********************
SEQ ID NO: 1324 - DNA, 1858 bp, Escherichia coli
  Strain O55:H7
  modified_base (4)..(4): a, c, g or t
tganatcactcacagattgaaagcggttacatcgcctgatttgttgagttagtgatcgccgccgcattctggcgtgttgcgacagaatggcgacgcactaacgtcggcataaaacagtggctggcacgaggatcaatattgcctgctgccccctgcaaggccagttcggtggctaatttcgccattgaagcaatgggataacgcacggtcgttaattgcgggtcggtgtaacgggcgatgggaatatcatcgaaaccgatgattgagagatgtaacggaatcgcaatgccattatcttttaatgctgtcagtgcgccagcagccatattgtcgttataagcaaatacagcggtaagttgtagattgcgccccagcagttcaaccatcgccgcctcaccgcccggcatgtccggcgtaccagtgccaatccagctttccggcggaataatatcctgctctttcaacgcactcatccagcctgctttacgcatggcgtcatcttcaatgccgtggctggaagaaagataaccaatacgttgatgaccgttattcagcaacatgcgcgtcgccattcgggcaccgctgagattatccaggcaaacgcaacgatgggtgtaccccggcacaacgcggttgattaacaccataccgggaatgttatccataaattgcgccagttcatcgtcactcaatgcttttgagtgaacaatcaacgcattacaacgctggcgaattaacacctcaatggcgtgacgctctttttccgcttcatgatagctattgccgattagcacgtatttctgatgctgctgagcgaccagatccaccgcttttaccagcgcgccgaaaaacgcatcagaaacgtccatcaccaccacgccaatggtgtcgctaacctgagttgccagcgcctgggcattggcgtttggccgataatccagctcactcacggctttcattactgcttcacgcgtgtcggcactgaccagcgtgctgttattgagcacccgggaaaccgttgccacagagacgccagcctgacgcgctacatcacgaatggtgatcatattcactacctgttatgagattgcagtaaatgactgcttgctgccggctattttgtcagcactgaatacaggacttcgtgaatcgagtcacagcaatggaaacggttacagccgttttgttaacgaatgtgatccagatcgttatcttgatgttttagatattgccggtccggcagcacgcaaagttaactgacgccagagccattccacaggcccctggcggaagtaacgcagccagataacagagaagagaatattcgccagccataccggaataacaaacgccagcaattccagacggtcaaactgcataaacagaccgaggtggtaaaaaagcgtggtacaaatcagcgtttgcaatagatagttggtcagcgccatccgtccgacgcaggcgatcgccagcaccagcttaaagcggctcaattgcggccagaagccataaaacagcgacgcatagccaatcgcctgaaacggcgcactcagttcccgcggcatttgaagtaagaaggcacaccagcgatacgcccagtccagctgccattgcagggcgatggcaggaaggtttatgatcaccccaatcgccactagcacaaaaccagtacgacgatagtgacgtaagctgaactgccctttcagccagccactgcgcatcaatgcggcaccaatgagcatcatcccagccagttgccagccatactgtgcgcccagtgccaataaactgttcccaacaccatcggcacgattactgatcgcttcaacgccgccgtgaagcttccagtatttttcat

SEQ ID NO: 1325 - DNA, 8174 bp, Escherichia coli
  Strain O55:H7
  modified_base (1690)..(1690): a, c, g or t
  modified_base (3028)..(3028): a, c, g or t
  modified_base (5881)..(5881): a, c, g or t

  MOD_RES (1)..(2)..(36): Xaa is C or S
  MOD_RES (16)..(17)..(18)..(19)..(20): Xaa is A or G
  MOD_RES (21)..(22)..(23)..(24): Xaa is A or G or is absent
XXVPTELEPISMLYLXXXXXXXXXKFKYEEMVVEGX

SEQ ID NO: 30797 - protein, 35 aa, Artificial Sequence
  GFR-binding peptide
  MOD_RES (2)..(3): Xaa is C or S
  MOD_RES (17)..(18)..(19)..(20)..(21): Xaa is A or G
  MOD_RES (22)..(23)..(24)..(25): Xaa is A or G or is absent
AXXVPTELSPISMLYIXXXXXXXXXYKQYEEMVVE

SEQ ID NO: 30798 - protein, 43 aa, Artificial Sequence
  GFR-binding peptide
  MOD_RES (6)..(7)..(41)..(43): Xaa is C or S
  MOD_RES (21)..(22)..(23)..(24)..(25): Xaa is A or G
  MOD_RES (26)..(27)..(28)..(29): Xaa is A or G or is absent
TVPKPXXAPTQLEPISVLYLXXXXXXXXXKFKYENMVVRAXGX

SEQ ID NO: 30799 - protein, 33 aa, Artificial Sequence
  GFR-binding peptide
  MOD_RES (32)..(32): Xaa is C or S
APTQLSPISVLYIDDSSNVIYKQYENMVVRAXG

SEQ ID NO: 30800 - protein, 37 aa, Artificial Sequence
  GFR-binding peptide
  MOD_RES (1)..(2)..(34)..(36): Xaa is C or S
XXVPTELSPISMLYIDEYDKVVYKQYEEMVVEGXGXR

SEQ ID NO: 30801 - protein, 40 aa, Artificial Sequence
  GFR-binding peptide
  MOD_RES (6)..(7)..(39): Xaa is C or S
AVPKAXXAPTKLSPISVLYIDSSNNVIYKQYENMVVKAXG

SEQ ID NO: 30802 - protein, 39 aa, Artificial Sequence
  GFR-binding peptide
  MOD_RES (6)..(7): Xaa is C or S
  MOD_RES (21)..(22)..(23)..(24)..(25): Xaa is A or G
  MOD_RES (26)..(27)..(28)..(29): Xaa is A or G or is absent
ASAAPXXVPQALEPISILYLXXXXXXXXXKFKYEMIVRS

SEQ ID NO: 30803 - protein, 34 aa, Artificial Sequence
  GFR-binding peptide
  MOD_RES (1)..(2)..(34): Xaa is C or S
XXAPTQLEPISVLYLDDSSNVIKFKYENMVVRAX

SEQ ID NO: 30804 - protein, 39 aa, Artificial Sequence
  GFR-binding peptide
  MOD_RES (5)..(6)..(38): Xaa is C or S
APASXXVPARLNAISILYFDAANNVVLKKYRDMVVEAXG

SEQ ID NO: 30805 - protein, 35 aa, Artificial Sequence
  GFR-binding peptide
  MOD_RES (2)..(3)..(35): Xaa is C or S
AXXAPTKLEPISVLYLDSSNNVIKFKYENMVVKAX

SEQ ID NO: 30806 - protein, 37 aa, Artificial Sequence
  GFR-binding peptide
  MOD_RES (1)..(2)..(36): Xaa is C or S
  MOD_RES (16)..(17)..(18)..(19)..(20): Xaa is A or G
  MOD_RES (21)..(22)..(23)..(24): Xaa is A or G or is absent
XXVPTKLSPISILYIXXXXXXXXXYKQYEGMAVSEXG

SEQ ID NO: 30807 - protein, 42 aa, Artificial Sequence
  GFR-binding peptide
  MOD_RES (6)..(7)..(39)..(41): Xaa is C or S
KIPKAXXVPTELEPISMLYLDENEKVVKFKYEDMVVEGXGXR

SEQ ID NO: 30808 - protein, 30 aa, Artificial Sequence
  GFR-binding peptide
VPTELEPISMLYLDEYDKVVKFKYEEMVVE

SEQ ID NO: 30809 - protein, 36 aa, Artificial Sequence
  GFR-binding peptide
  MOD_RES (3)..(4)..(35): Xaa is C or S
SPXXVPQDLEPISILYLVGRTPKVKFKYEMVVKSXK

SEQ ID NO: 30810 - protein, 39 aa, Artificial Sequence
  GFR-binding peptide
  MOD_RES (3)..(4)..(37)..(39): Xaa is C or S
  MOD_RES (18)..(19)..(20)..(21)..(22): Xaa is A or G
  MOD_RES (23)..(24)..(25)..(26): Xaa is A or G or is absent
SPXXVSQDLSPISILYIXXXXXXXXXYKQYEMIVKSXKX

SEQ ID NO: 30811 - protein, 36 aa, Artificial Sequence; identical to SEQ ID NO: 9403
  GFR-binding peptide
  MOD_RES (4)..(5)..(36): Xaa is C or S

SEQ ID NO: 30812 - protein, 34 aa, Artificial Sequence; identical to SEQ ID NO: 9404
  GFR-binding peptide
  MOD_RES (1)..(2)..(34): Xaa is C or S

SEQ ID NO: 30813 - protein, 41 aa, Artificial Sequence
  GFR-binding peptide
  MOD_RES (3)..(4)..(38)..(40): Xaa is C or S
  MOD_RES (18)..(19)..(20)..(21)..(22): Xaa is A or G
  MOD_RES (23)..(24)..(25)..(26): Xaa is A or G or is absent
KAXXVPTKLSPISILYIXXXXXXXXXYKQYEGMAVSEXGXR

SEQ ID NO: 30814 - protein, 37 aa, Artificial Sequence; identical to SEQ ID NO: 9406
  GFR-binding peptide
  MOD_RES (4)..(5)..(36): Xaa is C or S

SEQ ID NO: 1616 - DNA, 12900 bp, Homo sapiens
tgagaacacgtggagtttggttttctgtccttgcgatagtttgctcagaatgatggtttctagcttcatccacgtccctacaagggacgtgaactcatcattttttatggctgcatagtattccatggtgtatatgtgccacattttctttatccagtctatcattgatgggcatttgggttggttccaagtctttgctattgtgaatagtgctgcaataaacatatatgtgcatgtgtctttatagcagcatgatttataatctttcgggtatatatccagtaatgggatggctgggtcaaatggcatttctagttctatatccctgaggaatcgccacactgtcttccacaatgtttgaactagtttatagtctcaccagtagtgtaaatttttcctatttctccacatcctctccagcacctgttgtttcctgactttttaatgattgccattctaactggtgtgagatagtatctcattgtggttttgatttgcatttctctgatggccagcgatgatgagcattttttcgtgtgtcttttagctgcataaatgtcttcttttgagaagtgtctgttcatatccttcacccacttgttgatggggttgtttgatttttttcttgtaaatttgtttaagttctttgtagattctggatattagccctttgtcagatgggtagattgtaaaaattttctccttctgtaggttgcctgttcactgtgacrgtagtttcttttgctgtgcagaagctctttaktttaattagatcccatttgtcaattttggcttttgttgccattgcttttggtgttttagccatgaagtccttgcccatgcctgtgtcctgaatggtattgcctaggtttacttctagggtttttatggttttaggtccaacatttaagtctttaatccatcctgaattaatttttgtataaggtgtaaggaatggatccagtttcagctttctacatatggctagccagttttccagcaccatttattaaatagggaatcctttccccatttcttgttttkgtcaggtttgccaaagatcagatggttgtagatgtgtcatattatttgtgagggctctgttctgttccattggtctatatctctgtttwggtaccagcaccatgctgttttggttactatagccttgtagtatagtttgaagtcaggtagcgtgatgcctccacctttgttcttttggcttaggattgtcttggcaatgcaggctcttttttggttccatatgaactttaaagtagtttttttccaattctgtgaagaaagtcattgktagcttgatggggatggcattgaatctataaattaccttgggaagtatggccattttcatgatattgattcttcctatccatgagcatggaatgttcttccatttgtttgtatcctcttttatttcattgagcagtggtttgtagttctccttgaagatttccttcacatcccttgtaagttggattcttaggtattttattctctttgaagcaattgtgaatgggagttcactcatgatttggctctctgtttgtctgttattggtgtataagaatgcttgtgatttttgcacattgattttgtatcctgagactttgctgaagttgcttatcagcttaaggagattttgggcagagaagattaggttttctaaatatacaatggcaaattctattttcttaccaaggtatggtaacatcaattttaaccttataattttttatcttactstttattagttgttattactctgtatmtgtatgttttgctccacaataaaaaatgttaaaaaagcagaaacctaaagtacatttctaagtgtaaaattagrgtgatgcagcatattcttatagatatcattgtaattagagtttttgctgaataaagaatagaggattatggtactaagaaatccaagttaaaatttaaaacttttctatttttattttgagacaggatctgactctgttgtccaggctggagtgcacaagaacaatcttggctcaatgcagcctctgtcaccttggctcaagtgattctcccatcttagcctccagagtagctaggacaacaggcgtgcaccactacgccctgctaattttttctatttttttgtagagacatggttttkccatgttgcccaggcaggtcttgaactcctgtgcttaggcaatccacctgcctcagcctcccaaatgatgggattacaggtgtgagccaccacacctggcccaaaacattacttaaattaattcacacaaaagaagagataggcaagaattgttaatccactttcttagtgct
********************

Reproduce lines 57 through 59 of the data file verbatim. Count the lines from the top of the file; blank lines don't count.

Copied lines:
  GFR-binding peptide
  MOD_RES (1)..(2)..(36): Xaa is C or S
  MOD_RES (16)..(17)..(18)..(19)..(20): Xaa is A or G